You might be tempted to think that getting a speeding ticket is annoying, but that it's not a big deal and the easiest thing to do is just pay the fine and move on with your life. But don't be so quick to pull out your checkbook because a speeding ticket does affect your driving record, and even "minor" speeding tickets for just a few miles over the speed limit can add demerit points to your driving record.
Every state has some form of points system to keep track of different categories of motor vehicle related driving offenses. Some states have short lists, while others have long detailed lists that include items such as failing to dim your lights, failing to obey a funeral procession ordinance and fishtailing.
Many states assess a different number of points depending on how many miles over the speed limit you have driven. In New Jersey you can have your drivers license suspended for having 12 points on your driving record:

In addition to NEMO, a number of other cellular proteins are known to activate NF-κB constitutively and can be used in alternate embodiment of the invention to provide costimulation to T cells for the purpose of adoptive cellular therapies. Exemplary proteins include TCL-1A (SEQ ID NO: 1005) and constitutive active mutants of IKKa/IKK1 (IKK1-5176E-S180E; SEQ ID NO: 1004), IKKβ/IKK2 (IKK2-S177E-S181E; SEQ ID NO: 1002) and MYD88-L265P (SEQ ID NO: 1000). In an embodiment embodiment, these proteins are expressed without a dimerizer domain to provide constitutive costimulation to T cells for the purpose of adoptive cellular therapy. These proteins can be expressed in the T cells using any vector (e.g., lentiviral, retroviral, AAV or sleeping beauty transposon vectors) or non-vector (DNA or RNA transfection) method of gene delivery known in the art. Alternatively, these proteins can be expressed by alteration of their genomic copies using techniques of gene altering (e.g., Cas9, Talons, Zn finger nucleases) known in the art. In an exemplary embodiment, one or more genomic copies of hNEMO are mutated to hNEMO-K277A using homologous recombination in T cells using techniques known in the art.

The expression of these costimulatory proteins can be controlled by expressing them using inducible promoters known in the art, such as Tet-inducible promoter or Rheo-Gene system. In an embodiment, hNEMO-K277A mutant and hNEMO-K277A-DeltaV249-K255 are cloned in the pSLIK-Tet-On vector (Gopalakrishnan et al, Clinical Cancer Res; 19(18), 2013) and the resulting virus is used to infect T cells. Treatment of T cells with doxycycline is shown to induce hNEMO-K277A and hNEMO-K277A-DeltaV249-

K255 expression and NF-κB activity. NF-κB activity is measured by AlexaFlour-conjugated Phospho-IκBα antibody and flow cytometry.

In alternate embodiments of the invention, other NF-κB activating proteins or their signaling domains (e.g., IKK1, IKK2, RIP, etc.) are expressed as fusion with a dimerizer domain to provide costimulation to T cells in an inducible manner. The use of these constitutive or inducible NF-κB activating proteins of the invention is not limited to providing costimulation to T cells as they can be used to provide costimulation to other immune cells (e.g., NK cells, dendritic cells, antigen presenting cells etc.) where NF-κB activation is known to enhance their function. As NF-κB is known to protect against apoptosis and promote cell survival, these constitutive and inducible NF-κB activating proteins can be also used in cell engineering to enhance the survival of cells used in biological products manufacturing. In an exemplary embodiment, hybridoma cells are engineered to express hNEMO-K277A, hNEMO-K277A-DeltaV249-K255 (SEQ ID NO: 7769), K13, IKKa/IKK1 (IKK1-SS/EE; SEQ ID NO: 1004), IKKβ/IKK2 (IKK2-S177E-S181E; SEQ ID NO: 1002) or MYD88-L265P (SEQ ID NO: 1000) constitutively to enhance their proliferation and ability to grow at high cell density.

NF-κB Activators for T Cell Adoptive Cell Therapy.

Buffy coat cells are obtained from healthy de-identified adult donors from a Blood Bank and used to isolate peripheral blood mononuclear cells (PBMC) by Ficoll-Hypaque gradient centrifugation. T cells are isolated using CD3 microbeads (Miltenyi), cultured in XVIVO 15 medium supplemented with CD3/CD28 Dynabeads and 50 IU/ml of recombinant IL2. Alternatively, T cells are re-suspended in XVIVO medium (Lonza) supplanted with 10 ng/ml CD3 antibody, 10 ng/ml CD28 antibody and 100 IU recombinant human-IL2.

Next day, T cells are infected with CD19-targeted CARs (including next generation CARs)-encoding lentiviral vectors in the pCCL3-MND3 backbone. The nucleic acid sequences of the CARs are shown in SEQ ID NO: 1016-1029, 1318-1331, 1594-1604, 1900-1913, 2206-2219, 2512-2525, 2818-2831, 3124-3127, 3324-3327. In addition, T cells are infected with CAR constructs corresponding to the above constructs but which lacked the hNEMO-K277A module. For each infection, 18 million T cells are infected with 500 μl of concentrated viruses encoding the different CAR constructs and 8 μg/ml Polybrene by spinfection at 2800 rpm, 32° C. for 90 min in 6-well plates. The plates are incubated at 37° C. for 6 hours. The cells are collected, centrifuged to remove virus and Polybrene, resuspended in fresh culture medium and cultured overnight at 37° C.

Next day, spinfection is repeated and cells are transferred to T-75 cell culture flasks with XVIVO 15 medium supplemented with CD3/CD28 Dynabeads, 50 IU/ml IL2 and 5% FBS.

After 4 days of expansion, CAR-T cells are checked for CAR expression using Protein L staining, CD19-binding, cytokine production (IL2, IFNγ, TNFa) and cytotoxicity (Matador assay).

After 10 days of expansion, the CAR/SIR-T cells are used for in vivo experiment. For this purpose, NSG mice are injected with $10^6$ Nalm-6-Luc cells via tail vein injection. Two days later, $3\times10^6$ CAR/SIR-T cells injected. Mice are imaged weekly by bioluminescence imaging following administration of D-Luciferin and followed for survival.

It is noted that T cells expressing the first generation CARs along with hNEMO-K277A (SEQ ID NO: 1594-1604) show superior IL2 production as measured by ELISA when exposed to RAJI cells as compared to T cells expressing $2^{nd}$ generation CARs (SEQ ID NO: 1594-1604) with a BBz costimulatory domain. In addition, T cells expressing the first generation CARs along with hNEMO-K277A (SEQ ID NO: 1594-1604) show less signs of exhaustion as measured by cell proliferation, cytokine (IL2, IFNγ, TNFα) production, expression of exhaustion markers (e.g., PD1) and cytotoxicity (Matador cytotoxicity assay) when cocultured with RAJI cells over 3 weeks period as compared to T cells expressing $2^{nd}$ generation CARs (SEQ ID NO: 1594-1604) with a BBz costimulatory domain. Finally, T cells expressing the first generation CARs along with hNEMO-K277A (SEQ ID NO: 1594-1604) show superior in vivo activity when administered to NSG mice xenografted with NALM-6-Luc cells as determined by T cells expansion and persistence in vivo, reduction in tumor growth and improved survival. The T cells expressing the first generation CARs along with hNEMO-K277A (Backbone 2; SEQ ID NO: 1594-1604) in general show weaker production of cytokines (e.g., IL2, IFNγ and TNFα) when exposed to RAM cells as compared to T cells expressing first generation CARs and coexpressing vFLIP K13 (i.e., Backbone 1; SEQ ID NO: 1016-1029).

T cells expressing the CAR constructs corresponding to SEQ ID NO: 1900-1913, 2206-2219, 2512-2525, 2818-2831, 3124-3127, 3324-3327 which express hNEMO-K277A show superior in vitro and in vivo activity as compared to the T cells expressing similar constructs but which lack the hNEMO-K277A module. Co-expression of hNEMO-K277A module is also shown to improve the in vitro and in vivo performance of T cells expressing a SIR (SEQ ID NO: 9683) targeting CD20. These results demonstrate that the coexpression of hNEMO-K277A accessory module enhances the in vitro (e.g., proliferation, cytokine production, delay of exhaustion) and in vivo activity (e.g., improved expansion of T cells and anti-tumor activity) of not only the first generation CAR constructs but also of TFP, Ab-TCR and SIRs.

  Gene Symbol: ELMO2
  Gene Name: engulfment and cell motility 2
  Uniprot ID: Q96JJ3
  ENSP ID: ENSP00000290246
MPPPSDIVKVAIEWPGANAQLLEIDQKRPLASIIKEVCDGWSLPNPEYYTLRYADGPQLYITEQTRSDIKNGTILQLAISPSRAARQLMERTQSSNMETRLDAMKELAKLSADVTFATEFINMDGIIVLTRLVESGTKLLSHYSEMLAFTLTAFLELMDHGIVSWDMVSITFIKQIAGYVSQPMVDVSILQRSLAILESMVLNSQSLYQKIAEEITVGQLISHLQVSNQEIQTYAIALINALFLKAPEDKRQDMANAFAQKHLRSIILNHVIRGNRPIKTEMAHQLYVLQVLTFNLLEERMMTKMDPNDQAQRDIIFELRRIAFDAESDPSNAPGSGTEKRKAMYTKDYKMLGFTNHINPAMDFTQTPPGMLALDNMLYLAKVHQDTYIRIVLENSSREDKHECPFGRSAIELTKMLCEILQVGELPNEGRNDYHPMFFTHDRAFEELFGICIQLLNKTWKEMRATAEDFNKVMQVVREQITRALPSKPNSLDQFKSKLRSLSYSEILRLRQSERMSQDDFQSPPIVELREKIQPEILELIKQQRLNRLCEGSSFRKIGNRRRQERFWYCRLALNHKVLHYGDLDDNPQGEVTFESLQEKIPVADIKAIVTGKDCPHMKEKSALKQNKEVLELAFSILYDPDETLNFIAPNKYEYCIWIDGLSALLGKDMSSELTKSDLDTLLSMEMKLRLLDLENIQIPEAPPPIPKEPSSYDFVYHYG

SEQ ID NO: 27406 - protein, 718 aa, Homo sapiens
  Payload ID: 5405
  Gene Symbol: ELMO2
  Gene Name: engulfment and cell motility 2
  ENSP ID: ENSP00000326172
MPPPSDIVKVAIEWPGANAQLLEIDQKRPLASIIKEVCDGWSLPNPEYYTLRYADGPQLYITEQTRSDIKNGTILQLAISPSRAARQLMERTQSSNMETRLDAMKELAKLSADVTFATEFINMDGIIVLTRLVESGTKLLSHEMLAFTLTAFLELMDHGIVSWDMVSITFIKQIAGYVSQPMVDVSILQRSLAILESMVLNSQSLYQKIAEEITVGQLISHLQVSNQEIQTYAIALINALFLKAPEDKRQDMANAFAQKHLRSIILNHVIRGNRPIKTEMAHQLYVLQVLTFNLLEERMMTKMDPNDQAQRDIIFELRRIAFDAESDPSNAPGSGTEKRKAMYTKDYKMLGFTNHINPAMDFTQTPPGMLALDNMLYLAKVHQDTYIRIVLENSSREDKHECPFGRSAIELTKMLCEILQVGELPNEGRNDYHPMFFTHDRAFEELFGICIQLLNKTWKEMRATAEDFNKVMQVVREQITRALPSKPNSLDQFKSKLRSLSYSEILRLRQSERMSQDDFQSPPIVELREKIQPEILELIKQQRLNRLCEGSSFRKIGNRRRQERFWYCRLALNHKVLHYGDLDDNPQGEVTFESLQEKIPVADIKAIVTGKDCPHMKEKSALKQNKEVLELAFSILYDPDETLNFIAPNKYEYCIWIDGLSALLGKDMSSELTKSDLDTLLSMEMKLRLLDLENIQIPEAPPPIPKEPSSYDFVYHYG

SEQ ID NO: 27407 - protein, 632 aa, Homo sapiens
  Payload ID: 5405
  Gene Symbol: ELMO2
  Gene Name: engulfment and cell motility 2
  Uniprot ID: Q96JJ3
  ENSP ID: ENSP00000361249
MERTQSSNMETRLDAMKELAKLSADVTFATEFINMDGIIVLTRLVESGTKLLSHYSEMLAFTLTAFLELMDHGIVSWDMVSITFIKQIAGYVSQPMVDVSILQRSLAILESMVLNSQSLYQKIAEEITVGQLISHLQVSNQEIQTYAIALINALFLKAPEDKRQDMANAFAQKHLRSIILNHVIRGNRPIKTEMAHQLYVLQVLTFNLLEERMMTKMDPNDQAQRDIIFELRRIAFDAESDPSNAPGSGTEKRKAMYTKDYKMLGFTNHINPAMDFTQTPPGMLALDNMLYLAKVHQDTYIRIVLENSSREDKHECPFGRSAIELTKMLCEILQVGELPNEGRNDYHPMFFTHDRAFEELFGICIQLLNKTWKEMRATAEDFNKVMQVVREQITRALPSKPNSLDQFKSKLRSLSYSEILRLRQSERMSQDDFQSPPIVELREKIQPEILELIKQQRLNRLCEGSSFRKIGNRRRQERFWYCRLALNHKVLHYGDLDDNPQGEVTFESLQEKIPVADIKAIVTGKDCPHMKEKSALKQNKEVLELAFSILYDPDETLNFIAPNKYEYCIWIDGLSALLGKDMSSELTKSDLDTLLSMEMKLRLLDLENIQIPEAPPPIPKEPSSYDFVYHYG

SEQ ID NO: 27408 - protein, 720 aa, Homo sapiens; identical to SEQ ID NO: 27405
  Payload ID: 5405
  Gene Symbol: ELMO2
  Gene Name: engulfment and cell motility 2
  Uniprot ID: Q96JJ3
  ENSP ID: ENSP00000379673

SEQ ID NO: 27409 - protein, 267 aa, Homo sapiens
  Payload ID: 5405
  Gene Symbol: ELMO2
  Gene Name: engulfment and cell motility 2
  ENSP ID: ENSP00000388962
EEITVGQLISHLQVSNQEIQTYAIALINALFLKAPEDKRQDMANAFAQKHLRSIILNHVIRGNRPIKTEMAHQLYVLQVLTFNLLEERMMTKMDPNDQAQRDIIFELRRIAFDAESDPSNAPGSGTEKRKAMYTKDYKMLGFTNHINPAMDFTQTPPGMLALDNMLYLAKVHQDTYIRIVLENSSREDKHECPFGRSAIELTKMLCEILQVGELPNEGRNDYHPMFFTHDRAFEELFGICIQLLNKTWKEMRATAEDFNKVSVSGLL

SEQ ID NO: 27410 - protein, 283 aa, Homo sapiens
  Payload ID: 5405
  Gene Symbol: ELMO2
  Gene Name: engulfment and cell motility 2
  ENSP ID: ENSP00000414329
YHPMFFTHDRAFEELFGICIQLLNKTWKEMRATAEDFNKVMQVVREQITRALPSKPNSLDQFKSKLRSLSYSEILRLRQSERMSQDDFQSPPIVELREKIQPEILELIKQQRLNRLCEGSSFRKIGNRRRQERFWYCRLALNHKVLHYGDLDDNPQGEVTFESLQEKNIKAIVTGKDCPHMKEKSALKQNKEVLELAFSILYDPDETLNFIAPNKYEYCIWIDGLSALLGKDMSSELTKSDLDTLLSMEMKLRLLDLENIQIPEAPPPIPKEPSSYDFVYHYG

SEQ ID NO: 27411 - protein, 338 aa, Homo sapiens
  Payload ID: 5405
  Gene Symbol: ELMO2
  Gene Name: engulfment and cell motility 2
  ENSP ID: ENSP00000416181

Illinois also has a points system, but its scale is quite different and it defines more speeding related violations that can accrue points. Here are some examples:
In most states, the penalty points that you can earn may come off your driving record, but the actual record of your violation can stay forever. Also, some states will suspend your license for X number of moving violations within a period of time, even if the points earned by those violations would not normally add up to a license suspension.
Speeding tickets, particularly those that are classified as "excessive" and may also lead to charges of reckless driving, are serious events which can have a lasting impact on your driving record and can cause you to lose your license at some point in the future. You will likely see an increase in your car insurance too. Before you admit guilt and pay the ticket, call an attorney who specializes in traffic law. He or she can advise you of your options under the law, and possibly even negotiate your ticket down to a lesser offense.